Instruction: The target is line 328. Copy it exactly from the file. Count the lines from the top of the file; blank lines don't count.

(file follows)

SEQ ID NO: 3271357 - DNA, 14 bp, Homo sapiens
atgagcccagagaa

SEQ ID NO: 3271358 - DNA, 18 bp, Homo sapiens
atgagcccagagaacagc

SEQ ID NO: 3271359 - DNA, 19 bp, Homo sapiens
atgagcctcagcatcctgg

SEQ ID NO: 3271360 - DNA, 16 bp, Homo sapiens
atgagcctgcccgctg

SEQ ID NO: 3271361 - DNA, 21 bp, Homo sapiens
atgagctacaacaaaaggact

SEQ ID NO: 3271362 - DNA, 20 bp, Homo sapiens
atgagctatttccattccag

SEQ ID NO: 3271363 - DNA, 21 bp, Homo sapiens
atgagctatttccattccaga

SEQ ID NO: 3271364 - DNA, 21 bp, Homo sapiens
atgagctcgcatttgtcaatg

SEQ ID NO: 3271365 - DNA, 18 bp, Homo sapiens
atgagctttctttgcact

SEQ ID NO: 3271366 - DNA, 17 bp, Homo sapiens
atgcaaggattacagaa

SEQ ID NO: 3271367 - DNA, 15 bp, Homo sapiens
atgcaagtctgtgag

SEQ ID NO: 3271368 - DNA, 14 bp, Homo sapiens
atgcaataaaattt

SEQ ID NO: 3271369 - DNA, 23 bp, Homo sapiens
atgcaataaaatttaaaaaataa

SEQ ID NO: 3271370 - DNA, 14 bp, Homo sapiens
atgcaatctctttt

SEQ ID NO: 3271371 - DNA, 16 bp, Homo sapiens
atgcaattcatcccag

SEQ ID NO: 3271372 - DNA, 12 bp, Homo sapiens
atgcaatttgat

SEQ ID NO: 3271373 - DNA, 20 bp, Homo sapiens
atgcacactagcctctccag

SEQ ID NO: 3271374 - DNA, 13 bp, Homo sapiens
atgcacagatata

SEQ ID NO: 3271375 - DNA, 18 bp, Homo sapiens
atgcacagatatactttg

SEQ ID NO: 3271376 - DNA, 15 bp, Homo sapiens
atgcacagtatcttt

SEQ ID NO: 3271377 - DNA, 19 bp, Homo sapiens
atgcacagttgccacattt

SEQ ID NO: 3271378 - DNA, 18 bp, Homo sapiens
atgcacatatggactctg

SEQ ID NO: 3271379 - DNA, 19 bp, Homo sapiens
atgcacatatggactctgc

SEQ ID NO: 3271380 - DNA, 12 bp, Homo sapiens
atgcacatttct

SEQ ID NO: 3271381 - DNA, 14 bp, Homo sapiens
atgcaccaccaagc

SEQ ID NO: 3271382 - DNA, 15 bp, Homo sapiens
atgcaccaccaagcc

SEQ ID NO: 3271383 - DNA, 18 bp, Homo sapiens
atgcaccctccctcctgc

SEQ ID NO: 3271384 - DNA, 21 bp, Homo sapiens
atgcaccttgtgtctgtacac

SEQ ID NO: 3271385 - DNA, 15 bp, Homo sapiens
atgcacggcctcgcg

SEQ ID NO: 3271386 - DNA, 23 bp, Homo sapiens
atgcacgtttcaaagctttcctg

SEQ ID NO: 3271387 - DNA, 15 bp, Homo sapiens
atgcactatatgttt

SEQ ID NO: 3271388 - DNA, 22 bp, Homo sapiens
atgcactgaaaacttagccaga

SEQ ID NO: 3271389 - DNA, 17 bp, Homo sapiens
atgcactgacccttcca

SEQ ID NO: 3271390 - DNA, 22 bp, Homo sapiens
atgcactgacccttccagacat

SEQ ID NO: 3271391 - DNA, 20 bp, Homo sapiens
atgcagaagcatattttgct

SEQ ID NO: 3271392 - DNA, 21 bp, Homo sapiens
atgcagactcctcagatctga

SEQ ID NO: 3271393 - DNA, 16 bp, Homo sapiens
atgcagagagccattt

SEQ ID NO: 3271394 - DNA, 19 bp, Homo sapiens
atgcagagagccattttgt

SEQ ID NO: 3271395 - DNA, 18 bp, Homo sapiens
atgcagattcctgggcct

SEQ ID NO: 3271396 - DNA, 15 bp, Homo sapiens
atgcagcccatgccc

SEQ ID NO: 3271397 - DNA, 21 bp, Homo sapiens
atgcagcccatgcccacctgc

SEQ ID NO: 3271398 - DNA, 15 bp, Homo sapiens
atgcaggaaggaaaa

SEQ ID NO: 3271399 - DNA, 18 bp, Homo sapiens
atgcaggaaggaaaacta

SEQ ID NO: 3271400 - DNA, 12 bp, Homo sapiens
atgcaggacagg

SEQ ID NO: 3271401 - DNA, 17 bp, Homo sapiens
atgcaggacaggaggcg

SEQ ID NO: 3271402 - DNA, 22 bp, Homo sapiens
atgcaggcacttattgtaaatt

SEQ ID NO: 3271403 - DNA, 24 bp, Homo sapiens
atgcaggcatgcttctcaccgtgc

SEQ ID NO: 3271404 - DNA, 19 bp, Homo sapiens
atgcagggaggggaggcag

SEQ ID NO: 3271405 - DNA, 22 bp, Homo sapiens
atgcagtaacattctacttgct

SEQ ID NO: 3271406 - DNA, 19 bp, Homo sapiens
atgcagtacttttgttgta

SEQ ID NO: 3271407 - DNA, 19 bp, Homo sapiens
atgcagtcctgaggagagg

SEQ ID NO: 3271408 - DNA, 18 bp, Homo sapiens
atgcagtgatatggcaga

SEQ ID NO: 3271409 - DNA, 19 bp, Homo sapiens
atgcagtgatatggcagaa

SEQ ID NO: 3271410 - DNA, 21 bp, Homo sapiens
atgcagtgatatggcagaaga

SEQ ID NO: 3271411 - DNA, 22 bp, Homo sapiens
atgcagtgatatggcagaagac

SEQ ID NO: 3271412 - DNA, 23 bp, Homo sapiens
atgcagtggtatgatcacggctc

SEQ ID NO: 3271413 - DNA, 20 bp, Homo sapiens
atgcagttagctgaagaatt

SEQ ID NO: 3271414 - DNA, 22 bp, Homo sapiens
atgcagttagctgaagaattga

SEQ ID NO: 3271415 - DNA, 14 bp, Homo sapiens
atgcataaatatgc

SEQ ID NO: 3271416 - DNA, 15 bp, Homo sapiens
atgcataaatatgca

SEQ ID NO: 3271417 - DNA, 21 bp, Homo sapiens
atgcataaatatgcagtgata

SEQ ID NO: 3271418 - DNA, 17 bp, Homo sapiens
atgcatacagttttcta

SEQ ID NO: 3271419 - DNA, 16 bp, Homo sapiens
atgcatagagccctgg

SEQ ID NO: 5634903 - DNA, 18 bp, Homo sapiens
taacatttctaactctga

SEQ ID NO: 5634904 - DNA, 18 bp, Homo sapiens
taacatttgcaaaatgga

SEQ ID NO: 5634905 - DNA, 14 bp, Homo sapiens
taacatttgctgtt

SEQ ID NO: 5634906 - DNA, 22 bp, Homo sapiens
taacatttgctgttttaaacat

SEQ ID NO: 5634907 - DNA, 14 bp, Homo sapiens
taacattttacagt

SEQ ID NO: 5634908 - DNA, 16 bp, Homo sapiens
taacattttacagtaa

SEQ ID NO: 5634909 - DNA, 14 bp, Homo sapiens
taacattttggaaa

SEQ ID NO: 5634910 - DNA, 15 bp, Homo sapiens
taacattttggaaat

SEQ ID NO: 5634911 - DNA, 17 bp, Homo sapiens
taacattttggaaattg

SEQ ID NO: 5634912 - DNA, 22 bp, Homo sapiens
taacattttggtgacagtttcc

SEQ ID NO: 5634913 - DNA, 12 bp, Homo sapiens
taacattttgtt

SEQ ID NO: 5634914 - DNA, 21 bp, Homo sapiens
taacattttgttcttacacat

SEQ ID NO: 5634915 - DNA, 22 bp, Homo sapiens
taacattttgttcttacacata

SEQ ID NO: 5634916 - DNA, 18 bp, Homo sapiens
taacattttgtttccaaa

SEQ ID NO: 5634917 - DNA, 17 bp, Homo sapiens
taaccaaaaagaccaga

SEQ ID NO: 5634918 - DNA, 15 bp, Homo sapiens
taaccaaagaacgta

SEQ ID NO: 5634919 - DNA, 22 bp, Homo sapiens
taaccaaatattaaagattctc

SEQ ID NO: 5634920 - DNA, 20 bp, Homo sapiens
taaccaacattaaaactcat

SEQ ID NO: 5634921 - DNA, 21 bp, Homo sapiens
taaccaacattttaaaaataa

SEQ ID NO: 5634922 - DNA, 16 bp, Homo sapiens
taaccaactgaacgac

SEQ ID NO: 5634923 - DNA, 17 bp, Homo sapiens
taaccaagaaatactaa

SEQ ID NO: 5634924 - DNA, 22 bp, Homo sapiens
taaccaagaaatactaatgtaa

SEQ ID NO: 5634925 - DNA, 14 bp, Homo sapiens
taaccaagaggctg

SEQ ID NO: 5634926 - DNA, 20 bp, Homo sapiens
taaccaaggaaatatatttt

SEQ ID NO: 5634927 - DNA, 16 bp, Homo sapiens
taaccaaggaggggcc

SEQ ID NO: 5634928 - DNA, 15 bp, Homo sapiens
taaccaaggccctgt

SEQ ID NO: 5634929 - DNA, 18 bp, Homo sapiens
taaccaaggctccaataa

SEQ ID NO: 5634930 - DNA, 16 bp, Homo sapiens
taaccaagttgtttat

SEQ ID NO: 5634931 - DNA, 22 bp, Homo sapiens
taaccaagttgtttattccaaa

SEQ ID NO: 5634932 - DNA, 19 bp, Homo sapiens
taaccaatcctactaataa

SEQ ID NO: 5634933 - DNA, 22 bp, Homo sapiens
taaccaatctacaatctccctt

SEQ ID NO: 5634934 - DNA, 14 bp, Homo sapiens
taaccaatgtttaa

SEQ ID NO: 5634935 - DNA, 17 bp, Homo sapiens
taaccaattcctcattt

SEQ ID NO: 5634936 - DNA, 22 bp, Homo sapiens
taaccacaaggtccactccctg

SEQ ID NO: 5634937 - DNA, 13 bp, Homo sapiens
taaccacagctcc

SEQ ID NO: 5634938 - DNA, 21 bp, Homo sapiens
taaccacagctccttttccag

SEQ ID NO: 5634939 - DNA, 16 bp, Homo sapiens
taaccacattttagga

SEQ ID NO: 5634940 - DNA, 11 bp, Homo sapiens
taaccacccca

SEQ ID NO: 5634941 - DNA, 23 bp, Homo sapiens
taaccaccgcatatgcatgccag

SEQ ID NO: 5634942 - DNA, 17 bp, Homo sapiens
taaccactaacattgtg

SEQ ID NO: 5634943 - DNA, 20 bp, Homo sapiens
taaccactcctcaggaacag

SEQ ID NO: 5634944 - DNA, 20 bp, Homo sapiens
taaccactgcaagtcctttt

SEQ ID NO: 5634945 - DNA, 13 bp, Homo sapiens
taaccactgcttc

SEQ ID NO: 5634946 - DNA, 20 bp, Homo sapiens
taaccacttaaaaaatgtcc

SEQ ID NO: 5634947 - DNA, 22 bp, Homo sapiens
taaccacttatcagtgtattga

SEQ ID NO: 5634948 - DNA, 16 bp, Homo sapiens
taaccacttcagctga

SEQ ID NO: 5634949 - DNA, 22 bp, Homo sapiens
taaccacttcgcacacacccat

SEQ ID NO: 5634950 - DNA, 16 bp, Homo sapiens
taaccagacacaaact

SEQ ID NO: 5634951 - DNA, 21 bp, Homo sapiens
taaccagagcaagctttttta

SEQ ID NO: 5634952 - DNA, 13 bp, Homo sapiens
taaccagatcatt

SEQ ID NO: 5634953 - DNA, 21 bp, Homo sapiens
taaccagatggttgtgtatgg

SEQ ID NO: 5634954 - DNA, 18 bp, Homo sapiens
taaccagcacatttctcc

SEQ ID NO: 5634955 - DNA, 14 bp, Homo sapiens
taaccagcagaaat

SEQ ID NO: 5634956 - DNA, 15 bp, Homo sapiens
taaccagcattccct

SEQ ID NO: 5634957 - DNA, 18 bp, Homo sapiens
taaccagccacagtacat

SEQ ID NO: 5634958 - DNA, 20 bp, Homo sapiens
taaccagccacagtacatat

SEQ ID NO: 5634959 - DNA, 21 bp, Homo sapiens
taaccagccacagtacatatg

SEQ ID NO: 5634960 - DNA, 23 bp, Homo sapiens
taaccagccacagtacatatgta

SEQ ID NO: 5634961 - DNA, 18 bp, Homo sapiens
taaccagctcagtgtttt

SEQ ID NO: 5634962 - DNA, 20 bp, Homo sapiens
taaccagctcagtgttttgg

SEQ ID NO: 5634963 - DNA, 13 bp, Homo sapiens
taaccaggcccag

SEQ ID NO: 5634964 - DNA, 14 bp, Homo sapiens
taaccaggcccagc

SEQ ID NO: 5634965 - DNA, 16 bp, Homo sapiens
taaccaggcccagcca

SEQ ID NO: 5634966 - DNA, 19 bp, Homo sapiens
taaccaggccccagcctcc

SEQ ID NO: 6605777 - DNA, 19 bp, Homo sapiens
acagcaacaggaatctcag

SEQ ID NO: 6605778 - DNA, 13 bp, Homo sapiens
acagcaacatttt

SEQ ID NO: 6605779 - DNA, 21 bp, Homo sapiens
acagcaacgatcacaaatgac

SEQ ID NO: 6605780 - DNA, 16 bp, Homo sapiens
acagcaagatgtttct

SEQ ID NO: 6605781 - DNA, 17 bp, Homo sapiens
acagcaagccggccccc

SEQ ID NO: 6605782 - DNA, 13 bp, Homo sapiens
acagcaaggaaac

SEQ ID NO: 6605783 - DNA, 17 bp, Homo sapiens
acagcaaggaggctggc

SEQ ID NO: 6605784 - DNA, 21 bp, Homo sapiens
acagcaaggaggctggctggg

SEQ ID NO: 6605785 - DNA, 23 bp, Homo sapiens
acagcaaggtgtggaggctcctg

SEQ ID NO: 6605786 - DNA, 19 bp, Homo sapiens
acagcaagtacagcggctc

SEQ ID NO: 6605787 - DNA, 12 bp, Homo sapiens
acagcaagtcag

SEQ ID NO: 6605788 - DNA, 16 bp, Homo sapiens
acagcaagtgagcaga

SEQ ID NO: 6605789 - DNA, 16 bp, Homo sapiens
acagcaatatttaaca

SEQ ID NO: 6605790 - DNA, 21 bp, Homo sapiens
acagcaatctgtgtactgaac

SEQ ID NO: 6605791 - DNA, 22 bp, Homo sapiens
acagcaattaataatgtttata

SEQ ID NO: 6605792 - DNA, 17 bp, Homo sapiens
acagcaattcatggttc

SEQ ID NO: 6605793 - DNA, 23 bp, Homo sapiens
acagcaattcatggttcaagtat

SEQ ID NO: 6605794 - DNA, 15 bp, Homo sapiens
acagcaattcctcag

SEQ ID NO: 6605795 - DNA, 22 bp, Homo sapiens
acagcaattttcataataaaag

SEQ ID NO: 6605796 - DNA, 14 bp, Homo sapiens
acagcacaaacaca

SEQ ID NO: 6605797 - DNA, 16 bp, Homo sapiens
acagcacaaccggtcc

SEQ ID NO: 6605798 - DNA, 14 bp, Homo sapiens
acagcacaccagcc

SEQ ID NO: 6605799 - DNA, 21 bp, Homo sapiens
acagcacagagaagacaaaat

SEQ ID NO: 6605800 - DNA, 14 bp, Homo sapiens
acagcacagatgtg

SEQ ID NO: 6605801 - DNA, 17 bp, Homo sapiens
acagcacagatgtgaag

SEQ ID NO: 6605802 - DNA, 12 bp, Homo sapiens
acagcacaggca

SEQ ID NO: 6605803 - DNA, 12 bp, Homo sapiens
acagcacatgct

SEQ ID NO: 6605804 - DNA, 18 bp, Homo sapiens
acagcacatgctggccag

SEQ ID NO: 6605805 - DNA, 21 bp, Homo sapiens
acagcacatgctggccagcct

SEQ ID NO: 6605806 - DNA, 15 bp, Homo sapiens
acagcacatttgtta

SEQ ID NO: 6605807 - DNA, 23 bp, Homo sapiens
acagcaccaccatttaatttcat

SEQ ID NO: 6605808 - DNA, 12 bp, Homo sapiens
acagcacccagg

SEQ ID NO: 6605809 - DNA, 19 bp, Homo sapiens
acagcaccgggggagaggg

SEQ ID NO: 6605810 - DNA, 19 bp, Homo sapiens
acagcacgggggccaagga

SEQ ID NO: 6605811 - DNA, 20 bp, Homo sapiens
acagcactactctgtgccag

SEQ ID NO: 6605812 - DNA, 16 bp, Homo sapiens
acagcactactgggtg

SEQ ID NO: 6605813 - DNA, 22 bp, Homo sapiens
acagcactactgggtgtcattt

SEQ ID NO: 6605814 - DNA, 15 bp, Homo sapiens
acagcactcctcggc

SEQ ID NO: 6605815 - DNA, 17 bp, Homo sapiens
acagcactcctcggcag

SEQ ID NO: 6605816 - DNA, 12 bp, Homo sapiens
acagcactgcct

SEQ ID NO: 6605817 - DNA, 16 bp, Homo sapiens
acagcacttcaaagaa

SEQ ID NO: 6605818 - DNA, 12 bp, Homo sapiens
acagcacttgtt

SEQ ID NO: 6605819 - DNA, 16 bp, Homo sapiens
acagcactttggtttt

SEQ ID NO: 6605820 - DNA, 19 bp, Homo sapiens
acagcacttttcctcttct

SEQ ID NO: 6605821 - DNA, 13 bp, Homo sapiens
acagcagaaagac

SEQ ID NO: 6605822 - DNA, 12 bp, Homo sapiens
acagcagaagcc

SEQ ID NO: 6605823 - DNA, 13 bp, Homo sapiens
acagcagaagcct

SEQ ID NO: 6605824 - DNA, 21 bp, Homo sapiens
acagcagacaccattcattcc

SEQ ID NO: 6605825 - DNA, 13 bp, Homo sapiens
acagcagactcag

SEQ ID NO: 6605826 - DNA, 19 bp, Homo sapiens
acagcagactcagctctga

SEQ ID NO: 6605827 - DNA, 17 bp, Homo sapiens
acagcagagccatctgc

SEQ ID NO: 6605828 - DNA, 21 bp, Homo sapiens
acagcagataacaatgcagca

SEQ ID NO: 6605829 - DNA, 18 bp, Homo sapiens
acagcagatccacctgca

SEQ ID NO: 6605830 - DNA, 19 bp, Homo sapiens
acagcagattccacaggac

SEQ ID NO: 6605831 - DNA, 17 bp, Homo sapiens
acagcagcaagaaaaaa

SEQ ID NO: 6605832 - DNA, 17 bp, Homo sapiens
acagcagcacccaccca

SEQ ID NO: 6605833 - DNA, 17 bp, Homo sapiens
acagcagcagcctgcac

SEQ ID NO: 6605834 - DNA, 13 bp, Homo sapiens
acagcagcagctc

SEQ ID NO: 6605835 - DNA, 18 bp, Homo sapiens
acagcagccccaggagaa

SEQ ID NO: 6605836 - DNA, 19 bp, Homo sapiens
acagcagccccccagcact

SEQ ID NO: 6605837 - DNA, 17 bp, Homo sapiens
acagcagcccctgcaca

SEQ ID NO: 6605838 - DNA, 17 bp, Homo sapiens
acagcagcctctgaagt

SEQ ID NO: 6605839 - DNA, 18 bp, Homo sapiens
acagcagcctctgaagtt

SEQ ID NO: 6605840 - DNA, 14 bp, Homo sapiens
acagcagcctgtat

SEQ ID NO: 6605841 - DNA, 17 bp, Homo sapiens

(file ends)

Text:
acagcactactgggtgtcattt